United Sates but those countries were in debt
  • They could not purchase large quantities witch
    resulted in a slowdown in international trade

8
  • What were tariffs? - Other countries placed high
    tariffs on imports which started a chain
    reaction. Those countries wanted to protect
    themselves from cheaper imports and wanted their
    citizens to only purchase domestically
    manufactured goods
  • This resulted in the slow down in international
    trade and it came to a point were it just stopped

9
Causes of the great depression
  • Easy Access to the Stock Market
  • Many people saw the stock market as a way to get
    rich quick
  • It was not necessary to have money to buy stocks
  • People could buy stocks on credit just as they
    would do when buying material goods - they would
    only need to put down a small down payment

10
  • Stock brokers would loan the rest of the money as
    a high interest rate (buying on Margin)
  • Speculations of the stock market drove up the
    prices and there came a point where they value of
    the stock didnt represent the value of the
    company
  • What would happen if the stocks began to drop?
    How would people pay their loans back?
  • This happened with the stock market crash, people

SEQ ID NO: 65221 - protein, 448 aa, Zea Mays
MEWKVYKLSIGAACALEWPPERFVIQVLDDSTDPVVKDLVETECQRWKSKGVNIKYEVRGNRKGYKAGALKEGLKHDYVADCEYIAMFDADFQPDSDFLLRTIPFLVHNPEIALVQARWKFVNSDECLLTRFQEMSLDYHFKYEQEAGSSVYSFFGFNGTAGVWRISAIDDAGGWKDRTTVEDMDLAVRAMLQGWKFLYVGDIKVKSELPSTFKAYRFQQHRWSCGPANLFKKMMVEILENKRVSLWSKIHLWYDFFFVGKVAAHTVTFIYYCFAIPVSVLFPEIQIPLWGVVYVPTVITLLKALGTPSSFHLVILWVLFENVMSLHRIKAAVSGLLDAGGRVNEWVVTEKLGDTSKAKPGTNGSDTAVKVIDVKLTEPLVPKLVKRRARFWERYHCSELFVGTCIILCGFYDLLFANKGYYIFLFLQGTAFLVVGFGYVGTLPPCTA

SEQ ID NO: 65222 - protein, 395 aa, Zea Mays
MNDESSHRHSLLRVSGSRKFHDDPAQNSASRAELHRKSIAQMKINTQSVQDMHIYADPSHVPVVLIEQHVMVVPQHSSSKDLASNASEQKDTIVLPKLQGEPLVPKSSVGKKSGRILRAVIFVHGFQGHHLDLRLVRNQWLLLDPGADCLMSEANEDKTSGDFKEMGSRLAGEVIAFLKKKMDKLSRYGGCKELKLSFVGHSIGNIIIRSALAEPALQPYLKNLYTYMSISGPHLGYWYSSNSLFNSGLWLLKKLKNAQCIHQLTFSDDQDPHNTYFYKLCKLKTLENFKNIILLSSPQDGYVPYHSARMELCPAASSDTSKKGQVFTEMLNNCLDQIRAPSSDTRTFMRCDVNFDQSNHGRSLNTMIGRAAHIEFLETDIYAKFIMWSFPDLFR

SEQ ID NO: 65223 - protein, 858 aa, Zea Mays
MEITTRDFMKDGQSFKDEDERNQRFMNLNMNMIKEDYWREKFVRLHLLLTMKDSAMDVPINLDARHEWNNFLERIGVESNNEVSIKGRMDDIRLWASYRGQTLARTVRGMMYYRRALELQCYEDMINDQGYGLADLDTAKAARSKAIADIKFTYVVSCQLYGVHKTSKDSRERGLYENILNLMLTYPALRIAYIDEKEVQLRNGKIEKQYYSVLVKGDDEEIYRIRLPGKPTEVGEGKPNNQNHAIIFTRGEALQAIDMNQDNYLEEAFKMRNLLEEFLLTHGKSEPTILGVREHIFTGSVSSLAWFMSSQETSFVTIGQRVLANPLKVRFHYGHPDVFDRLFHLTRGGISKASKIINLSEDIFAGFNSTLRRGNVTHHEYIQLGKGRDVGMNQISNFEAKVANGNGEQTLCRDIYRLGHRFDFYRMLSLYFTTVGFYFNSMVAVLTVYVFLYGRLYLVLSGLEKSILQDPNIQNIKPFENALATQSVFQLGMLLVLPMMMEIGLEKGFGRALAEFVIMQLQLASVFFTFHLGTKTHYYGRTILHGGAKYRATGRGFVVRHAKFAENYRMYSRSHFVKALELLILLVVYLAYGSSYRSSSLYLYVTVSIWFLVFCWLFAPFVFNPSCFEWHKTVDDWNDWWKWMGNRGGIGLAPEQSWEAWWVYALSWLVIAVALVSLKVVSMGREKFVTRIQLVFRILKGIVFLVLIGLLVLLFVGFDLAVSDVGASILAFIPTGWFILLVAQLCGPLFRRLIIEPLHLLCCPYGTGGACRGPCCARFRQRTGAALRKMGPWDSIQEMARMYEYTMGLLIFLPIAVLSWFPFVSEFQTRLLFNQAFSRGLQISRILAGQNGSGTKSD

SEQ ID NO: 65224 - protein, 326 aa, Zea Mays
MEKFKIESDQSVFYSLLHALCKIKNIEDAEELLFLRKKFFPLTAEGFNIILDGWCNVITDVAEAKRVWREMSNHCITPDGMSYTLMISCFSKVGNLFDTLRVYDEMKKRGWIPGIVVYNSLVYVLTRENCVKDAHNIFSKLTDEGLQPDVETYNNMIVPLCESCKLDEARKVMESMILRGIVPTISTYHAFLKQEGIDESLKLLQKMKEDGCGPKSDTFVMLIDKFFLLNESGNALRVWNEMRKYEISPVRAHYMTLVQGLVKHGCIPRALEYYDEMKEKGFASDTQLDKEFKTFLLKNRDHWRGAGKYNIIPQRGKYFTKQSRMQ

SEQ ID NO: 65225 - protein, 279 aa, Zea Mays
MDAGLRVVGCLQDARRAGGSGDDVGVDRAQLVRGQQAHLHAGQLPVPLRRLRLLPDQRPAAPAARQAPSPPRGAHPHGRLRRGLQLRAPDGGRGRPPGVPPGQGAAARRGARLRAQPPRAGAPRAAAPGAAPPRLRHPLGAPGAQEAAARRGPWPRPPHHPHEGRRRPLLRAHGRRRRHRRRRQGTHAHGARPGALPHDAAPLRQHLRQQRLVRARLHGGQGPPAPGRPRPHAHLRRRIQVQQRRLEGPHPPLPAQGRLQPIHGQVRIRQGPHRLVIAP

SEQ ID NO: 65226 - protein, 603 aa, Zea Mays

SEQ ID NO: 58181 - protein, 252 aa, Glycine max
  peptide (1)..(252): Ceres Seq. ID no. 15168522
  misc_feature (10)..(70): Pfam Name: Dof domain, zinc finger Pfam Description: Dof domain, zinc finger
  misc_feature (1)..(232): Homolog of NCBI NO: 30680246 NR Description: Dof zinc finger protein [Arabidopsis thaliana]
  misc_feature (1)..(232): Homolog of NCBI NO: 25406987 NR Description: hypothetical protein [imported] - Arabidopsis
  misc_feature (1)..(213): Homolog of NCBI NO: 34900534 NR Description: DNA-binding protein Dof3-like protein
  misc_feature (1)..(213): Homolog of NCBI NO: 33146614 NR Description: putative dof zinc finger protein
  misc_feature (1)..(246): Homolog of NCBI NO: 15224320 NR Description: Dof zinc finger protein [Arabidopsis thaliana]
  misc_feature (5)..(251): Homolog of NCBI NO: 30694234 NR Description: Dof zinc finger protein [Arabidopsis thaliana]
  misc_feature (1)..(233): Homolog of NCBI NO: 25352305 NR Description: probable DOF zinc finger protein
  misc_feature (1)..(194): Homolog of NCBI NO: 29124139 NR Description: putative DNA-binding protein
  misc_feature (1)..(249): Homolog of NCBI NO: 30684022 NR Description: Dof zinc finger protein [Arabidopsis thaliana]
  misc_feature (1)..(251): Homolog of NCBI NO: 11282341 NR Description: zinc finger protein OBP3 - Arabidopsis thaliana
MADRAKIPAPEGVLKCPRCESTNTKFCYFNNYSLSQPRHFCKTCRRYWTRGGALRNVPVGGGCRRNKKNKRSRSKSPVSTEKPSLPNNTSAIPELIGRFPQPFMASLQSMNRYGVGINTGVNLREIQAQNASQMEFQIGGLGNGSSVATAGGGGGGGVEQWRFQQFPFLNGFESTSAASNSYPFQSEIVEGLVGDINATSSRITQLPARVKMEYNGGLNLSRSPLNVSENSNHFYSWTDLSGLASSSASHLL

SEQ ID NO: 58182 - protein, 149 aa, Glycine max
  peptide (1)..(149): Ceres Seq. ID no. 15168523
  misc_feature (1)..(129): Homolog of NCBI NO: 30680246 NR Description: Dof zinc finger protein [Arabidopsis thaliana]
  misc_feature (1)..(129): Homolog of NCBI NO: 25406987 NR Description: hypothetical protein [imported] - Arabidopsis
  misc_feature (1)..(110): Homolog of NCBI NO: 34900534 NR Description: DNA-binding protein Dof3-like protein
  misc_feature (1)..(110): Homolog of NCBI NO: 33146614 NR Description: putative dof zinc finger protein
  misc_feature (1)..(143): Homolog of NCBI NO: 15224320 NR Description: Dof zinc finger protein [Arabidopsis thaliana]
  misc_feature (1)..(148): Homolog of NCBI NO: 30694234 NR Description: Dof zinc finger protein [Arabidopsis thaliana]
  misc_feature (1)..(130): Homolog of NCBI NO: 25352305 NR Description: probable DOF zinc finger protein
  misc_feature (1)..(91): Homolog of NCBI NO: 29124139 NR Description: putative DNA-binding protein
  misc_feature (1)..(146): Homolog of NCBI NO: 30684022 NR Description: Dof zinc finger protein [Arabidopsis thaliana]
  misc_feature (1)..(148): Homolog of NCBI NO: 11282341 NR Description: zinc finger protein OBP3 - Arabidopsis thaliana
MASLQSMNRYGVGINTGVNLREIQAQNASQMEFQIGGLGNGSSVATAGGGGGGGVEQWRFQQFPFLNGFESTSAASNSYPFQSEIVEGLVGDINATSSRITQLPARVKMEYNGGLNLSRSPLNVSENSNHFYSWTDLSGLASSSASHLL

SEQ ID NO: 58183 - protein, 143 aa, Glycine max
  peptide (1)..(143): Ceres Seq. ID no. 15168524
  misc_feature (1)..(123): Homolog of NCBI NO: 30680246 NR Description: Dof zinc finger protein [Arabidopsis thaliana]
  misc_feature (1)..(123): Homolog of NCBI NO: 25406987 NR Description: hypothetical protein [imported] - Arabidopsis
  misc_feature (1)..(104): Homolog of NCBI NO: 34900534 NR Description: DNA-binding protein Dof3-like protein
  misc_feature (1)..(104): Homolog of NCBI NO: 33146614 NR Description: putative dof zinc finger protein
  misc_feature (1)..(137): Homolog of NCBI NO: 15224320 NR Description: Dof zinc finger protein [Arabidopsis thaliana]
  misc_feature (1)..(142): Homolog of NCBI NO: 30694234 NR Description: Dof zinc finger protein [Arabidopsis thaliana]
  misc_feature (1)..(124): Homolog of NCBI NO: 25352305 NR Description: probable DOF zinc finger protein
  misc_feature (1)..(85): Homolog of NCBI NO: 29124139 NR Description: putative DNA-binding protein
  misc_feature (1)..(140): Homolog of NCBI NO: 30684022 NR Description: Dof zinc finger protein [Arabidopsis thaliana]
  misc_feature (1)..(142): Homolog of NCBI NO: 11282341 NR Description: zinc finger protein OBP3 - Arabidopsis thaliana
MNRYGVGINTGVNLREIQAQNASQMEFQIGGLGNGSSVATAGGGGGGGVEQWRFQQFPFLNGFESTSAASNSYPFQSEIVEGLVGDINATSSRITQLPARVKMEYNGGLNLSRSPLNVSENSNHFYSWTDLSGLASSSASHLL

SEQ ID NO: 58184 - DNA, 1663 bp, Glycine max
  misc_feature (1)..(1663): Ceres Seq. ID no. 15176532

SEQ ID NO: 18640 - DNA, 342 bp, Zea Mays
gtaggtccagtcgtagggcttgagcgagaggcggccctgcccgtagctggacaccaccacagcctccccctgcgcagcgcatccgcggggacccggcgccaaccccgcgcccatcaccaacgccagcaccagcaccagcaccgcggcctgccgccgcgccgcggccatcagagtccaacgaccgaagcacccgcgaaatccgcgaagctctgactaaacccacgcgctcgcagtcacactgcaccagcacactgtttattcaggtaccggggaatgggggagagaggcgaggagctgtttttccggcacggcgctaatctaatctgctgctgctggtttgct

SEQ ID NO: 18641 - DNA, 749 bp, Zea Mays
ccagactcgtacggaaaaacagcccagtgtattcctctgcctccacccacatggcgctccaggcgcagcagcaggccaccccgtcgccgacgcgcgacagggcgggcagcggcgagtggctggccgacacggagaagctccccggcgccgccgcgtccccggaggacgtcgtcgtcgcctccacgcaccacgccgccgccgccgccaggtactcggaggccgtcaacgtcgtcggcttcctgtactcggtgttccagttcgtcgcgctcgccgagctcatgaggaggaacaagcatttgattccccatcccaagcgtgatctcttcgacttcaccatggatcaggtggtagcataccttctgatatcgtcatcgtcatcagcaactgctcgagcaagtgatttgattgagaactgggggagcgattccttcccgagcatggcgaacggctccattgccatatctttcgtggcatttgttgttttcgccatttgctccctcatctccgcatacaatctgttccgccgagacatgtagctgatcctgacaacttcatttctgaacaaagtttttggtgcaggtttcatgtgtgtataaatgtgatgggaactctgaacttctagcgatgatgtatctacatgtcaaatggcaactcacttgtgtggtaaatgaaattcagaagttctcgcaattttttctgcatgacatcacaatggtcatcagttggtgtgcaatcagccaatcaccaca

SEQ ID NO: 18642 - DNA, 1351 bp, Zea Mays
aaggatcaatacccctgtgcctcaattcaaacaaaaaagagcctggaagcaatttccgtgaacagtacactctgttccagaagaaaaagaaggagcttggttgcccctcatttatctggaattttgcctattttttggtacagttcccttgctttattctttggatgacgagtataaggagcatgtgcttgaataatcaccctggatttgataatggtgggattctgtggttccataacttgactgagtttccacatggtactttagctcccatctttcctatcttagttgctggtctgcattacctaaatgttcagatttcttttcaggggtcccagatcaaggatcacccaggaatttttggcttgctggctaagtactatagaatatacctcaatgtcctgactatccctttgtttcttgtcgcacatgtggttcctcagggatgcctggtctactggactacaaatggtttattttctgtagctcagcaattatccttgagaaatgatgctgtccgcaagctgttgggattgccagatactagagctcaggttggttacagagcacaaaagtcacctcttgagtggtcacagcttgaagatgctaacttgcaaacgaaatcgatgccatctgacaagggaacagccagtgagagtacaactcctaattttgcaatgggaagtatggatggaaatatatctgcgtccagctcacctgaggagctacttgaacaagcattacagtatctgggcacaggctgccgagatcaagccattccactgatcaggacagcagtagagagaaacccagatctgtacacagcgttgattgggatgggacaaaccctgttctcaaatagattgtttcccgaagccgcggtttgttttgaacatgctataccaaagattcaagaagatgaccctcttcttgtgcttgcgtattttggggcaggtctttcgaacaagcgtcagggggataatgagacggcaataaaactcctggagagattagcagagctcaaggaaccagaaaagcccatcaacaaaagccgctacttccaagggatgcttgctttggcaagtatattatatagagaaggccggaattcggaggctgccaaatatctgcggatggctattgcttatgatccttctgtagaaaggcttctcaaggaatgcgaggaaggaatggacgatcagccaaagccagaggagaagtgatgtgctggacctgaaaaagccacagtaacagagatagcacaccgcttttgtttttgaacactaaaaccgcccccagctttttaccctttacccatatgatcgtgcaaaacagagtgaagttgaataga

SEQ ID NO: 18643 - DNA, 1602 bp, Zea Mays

became nervous and sold their stocks quickly,
    which lowered prices the more people sold

11
causes of the great depression
  • Stock Market Crash of 1929
  • Throughout 1929 the markets started to fluctuate
  • Every time the market took a down turn it would
    make a strong come back
  • Until October 24th - there was a drastic drop in
    stocks
  • Many thought the situation was only temporary
  • It made people nervous so they began to sell
    their stocks which dropped the value dramatically
  • By

12
  • By Tuesday October 29, 1929 - Black Tuesday the
    value of stocks were worthless and the stock
    market in Toronto, Montreal and New York
    collapsed
  • For every minute trade occurred 1 million was
    lost
  • There were minor rallies in the months after but
    the major setback of Black Tuesday was too great
  • Many investors who lost a great deal of money
    either could not or would not risk any more money

13
  • Those who did survive the crash and wanted to buy
    stocks a the reduced rate but the government and
    banks installed new tighter money lending
    policies
  • Industrial output began to fall since no one was
    purchasing produces
  • This led to massive unemployment no purchasing
    power downward spiral

14
William lyon mackenzie king
  • King was PM when the depression began
  • He barely acknowledged the crisis
  • He felt that if he waited it out things would get